Schools for Children created Different Choices 2021, a virtual college & career transition fair specifically for students with IEPs, 504s and/or mental health challenges. The multi-day event at the end of October included the panel presentation Designing Your Own Path.
Students who have overcome learning and/or other social-emotional challenges look to their upcoming high school graduation with excitement and a well-earned sense of achievement. Mixed in with these emotions may also be a bit of trepidation. There are so many options available to them, and deciding which path to pursue can feel overwhelming. Do they:
- Attend a two-year or four-year college or university immediately?
- Work part-time while in school?
- Delay higher education for a year or more with a gap-year program?
- Begin an apprenticeship that leads to a career?
- Combine different options to achieve their goals?
The Designing Your Own Path panelists offered webinar participants expert advice on how to make a smoother transition from high school to whatever comes next.
Ziven Drake from Different Choices Fair partner the North Atlantic States Carpenters Training Fund shared, “There are billions of people in the world. There is no single or guaranteed path to success. So you need to explore to find the one (or ones) for you.” Ziven went on to share her varied path which included college, pharmacy tech certification, a gap year, pre-med work, a six-year stint in the military, and ended with her discovering her love for the trades through an apprenticeship program for industrial divers and pile drivers.
Syreeta Nolan, CEO of Disabled in Higher Ed and student disability advocate, added that while creating their personal path, students need to remember to take care of themselves. Syreeta stated that most students have obstacles to overcome in making the right educational and work choices. She added that disabled students often have additional societal barriers – often not of their own making. It is critical for them to never lose sight of their goals despite obstacles. Citing her own post-high school experience, Syreeta said that students with challenges may need more than two or four years to complete degree programs.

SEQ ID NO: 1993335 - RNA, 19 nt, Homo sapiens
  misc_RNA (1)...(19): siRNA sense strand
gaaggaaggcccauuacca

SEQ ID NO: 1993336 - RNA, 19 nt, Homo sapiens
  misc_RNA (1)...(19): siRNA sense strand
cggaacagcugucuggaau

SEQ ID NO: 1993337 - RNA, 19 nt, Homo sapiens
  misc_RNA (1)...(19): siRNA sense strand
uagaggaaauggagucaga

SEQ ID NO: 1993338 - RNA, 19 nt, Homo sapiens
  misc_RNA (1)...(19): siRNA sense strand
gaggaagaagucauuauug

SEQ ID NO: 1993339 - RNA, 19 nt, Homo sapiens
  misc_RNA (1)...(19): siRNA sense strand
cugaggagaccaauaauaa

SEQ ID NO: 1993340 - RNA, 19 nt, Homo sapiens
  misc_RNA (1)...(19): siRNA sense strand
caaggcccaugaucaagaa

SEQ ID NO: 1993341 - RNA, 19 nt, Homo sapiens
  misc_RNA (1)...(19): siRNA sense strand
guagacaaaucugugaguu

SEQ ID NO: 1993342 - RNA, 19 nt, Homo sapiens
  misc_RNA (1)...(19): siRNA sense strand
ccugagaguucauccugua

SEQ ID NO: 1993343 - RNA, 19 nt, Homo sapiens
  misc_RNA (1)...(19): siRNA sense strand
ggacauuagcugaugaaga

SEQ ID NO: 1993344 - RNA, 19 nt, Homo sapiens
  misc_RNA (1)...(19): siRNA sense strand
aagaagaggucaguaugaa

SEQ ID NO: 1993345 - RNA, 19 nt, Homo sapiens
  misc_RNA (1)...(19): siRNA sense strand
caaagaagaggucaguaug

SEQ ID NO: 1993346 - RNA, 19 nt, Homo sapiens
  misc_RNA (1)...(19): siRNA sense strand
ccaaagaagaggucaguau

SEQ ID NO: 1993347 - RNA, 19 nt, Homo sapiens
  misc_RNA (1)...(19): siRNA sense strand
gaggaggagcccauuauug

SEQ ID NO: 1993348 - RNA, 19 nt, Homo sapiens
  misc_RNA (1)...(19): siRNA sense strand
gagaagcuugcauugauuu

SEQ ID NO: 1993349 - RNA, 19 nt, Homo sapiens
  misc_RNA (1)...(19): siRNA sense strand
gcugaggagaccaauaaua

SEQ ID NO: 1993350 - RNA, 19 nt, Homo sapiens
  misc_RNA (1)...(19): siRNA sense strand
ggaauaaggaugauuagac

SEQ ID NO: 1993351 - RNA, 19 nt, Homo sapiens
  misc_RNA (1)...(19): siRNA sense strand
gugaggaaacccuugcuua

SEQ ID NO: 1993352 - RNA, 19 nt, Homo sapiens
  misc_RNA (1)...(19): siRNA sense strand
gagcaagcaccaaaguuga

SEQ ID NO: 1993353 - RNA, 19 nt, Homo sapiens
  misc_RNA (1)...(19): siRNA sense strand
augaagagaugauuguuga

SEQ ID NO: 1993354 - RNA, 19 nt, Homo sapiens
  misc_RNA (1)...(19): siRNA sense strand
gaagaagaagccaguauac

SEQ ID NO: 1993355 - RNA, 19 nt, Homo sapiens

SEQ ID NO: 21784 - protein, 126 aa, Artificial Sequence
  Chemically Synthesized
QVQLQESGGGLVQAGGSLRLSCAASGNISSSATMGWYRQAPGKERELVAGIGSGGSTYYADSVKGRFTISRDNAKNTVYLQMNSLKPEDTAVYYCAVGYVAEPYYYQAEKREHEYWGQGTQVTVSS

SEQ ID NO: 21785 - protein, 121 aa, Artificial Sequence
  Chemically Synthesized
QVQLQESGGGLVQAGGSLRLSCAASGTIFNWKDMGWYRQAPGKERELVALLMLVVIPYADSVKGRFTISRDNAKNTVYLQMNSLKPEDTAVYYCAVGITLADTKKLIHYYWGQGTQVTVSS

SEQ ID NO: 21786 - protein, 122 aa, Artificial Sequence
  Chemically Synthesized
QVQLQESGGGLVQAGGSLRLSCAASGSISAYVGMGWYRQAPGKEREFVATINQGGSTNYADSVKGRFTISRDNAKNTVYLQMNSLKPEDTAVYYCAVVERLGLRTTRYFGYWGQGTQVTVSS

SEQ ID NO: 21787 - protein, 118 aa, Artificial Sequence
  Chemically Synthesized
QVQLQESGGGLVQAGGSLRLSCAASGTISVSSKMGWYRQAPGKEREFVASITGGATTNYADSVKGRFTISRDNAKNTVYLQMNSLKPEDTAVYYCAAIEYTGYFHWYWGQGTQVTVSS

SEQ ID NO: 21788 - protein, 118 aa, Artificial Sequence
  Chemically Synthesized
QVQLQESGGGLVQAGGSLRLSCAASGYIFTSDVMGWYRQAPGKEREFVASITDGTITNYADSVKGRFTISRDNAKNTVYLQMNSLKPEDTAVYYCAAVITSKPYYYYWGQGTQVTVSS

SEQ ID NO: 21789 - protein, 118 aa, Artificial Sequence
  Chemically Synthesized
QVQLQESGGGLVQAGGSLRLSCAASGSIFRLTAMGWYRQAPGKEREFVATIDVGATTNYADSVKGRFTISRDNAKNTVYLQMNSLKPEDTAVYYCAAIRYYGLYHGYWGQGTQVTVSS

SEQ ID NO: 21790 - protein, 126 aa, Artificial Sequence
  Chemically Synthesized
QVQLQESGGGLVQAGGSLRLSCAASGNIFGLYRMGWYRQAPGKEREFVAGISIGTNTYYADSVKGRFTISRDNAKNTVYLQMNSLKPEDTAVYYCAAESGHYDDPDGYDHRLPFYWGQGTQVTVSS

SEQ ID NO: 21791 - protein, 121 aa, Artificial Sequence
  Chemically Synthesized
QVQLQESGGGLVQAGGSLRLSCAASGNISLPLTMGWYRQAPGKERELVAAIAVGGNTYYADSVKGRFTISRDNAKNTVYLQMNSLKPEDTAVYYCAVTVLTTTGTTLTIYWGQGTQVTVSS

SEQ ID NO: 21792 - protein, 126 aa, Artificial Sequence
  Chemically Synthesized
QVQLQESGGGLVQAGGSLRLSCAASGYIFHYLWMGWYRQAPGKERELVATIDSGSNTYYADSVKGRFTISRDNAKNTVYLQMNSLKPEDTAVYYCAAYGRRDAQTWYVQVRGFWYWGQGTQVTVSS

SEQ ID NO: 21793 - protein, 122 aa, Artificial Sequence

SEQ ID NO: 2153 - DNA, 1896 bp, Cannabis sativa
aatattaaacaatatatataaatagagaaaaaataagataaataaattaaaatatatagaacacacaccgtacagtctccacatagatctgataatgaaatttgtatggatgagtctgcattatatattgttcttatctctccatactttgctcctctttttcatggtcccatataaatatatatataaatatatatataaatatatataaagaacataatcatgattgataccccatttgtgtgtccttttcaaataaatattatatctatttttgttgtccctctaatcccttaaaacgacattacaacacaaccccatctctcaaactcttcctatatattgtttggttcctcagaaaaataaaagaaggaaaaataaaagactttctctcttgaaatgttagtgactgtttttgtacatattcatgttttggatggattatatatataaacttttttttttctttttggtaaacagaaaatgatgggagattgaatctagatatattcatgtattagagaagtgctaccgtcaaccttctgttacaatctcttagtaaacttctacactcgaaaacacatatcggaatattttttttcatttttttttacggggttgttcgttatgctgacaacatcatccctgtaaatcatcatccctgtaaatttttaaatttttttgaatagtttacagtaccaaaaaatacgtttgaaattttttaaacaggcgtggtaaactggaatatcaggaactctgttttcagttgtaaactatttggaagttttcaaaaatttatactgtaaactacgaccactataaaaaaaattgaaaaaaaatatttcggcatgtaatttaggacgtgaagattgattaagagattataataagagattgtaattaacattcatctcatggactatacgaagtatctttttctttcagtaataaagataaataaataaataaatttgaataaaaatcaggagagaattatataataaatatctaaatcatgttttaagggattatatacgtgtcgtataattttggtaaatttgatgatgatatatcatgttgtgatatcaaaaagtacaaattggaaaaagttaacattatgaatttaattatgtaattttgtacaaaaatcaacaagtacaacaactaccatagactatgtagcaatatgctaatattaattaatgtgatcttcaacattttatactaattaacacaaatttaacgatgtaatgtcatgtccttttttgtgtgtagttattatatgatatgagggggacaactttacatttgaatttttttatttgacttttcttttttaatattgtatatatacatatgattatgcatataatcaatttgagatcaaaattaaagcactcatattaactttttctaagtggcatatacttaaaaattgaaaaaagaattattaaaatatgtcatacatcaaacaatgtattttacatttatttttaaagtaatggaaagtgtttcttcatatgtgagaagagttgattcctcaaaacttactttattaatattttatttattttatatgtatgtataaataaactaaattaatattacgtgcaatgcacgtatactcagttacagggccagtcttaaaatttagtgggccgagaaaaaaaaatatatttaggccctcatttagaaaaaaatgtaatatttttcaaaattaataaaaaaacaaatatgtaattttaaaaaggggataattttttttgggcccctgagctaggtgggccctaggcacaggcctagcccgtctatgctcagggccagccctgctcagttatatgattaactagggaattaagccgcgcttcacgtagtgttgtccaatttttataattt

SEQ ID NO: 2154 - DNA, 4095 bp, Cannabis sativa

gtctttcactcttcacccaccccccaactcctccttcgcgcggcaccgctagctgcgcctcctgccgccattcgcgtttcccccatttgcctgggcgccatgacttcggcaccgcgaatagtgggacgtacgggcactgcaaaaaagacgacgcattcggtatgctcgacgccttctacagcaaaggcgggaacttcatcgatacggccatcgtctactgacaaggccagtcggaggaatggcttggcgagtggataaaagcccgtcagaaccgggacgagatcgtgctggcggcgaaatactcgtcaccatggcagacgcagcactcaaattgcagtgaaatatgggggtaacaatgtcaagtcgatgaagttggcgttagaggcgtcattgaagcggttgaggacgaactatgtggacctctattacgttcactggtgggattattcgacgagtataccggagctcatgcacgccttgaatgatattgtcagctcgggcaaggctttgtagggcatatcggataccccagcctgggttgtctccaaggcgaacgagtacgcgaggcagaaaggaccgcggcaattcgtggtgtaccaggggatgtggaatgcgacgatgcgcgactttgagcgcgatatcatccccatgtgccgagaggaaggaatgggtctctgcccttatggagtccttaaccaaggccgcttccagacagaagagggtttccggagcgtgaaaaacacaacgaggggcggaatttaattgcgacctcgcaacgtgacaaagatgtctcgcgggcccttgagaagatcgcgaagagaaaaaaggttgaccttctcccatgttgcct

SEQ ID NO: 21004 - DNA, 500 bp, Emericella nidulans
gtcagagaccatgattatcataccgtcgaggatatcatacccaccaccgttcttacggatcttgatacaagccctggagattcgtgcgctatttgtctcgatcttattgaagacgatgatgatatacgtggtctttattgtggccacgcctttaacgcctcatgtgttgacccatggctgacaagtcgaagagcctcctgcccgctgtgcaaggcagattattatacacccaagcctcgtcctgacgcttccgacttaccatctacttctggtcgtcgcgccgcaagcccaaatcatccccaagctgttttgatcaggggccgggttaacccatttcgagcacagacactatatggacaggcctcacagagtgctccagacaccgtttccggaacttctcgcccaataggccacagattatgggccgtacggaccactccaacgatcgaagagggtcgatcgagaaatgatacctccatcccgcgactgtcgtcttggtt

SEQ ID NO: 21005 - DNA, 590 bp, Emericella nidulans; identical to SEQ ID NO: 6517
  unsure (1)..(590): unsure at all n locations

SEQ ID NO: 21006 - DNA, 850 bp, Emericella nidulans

The path taken by Sara Van Eerde, social justice educator at Global Kids and gap-year specialist, was also varied and based on her passions. She became an LCSW and took advantage of programs in graduate school that allowed her to travel, study abroad, focus on mental health and pair it with climate activism, specifically to work with young people. She emphasized that none of these things were part of a “plan” she had, but just a matter of taking opportunities as they came her way.
Beacon College’s Alex Morris-Wood, who moderated the presentation, discussed his institution’s transition support program and addressed how the transition from high school to college or work – or a mixture of the two – is hard, is an adjustment, needs to include a student’s entire support system, and requires a certain amount of readiness. He emphasized skills, including executive function, emotional regulation, autonomy, conceptual thinking and more.
Alex also emphasized that it is important to advocate for yourself while in high school and then in your new environment. Both Syreeta and Angelique McGrue, special education coordinator at YouthBuild Charter School of California, strongly supported this point.
Ziven suggested a slightly different approach to readiness. “No one is ever ready,” she stated, “And sometimes you just make the step into the next thing, having done as much research into the option as possible and having a great deal of self-awareness to understand if this might be something you can commit to doing for a while.”
The Role of Support Systems Is Paramount
The role of parents in next steps after high school was also discussed a great deal. Angelique noted that parents or other caregivers need to be involved in IEP meetings and transition teams to support their students. While this approach is valuable overall, it’s less common for families to be highly-involved in students’ career vs. higher education choices.
Syreeta and others reminded webinar participants that there are a number of disability advocacy groups that are ready to help students with learning and mental health differences find their own advocacy voice. The well-respected disability advocate highly recommended that students get into virtual disability communities like her own #DisInHigherEd on Twitter and/or disability TikTok, to get hints from and help/support from, and learn from other disabled people who’ve either been through or are going through the same issues.